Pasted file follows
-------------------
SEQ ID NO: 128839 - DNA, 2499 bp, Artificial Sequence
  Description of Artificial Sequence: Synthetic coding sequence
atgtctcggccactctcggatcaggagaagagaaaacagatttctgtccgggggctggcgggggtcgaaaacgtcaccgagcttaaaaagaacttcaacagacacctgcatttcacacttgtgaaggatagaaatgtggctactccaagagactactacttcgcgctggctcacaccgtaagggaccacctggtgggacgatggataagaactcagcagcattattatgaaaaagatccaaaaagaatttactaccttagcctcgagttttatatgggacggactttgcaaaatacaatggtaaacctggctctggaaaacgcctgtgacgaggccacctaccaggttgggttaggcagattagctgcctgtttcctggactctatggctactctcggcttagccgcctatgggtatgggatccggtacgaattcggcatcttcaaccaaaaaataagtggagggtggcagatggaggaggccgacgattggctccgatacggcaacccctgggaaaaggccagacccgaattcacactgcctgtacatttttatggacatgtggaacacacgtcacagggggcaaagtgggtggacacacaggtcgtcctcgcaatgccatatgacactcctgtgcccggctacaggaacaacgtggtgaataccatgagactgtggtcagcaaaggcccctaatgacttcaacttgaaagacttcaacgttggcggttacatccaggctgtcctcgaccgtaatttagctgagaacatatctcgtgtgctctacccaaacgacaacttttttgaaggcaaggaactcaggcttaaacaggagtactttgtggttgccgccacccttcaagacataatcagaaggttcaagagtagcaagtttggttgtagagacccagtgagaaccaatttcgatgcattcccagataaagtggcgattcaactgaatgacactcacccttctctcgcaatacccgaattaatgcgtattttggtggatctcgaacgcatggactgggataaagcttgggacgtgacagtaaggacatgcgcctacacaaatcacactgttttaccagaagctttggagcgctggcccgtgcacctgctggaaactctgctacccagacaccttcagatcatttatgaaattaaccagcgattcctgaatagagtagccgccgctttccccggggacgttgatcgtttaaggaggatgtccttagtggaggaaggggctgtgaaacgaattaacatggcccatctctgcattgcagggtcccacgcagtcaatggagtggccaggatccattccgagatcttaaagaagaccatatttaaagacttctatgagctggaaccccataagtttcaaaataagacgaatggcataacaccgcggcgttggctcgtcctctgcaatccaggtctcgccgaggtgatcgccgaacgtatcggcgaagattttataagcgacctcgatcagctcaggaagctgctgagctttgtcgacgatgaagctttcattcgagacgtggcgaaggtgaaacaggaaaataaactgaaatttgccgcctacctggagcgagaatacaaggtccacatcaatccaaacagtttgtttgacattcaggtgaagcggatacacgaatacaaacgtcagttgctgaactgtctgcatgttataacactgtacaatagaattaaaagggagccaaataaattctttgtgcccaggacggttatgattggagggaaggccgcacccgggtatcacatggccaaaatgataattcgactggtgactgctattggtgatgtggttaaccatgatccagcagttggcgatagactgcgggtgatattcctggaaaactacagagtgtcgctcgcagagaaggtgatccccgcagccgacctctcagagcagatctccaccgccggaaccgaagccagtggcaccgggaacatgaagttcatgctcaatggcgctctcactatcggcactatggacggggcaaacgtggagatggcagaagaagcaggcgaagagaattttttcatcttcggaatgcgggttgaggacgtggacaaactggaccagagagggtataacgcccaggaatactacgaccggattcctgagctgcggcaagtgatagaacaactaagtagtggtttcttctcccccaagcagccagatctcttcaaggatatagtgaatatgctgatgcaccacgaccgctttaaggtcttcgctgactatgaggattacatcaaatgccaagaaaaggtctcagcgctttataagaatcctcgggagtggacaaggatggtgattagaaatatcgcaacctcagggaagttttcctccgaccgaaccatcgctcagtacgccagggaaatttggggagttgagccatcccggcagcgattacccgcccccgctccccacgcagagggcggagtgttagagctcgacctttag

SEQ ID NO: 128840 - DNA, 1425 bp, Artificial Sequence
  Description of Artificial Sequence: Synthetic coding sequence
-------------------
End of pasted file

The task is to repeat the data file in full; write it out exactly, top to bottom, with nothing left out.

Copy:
SEQ ID NO: 128839 - DNA, 2499 bp, Artificial Sequence
  Description of Artificial Sequence: Synthetic coding sequence
atgtctcggccactctcggatcaggagaagagaaaacagatttctgtccgggggctggcgggggtcgaaaacgtcaccgagcttaaaaagaacttcaacagacacctgcatttcacacttgtgaaggatagaaatgtggctactccaagagactactacttcgcgctggctcacaccgtaagggaccacctggtgggacgatggataagaactcagcagcattattatgaaaaagatccaaaaagaatttactaccttagcctcgagttttatatgggacggactttgcaaaatacaatggtaaacctggctctggaaaacgcctgtgacgaggccacctaccaggttgggttaggcagattagctgcctgtttcctggactctatggctactctcggcttagccgcctatgggtatgggatccggtacgaattcggcatcttcaaccaaaaaataagtggagggtggcagatggaggaggccgacgattggctccgatacggcaacccctgggaaaaggccagacccgaattcacactgcctgtacatttttatggacatgtggaacacacgtcacagggggcaaagtgggtggacacacaggtcgtcctcgcaatgccatatgacactcctgtgcccggctacaggaacaacgtggtgaataccatgagactgtggtcagcaaaggcccctaatgacttcaacttgaaagacttcaacgttggcggttacatccaggctgtcctcgaccgtaatttagctgagaacatatctcgtgtgctctacccaaacgacaacttttttgaaggcaaggaactcaggcttaaacaggagtactttgtggttgccgccacccttcaagacataatcagaaggttcaagagtagcaagtttggttgtagagacccagtgagaaccaatttcgatgcattcccagataaagtggcgattcaactgaatgacactcacccttctctcgcaatacccgaattaatgcgtattttggtggatctcgaacgcatggactgggataaagcttgggacgtgacagtaaggacatgcgcctacacaaatcacactgttttaccagaagctttggagcgctggcccgtgcacctgctggaaactctgctacccagacaccttcagatcatttatgaaattaaccagcgattcctgaatagagtagccgccgctttccccggggacgttgatcgtttaaggaggatgtccttagtggaggaaggggctgtgaaacgaattaacatggcccatctctgcattgcagggtcccacgcagtcaatggagtggccaggatccattccgagatcttaaagaagaccatatttaaagacttctatgagctggaaccccataagtttcaaaataagacgaatggcataacaccgcggcgttggctcgtcctctgcaatccaggtctcgccgaggtgatcgccgaacgtatcggcgaagattttataagcgacctcgatcagctcaggaagctgctgagctttgtcgacgatgaagctttcattcgagacgtggcgaaggtgaaacaggaaaataaactgaaatttgccgcctacctggagcgagaatacaaggtccacatcaatccaaacagtttgtttgacattcaggtgaagcggatacacgaatacaaacgtcagttgctgaactgtctgcatgttataacactgtacaatagaattaaaagggagccaaataaattctttgtgcccaggacggttatgattggagggaaggccgcacccgggtatcacatggccaaaatgataattcgactggtgactgctattggtgatgtggttaaccatgatccagcagttggcgatagactgcgggtgatattcctggaaaactacagagtgtcgctcgcagagaaggtgatccccgcagccgacctctcagagcagatctccaccgccggaaccgaagccagtggcaccgggaacatgaagttcatgctcaatggcgctctcactatcggcactatggacggggcaaacgtggagatggcagaagaagcaggcgaagagaattttttcatcttcggaatgcgggttgaggacgtggacaaactggaccagagagggtataacgcccaggaatactacgaccggattcctgagctgcggcaagtgatagaacaactaagtagtggtttcttctcccccaagcagccagatctcttcaaggatatagtgaatatgctgatgcaccacgaccgctttaaggtcttcgctgactatgaggattacatcaaatgccaagaaaaggtctcagcgctttataagaatcctcgggagtggacaaggatggtgattagaaatatcgcaacctcagggaagttttcctccgaccgaaccatcgctcagtacgccagggaaatttggggagttgagccatcccggcagcgattacccgcccccgctccccacgcagagggcggagtgttagagctcgacctttag

SEQ ID NO: 128840 - DNA, 1425 bp, Artificial Sequence
  Description of Artificial Sequence: Synthetic coding sequence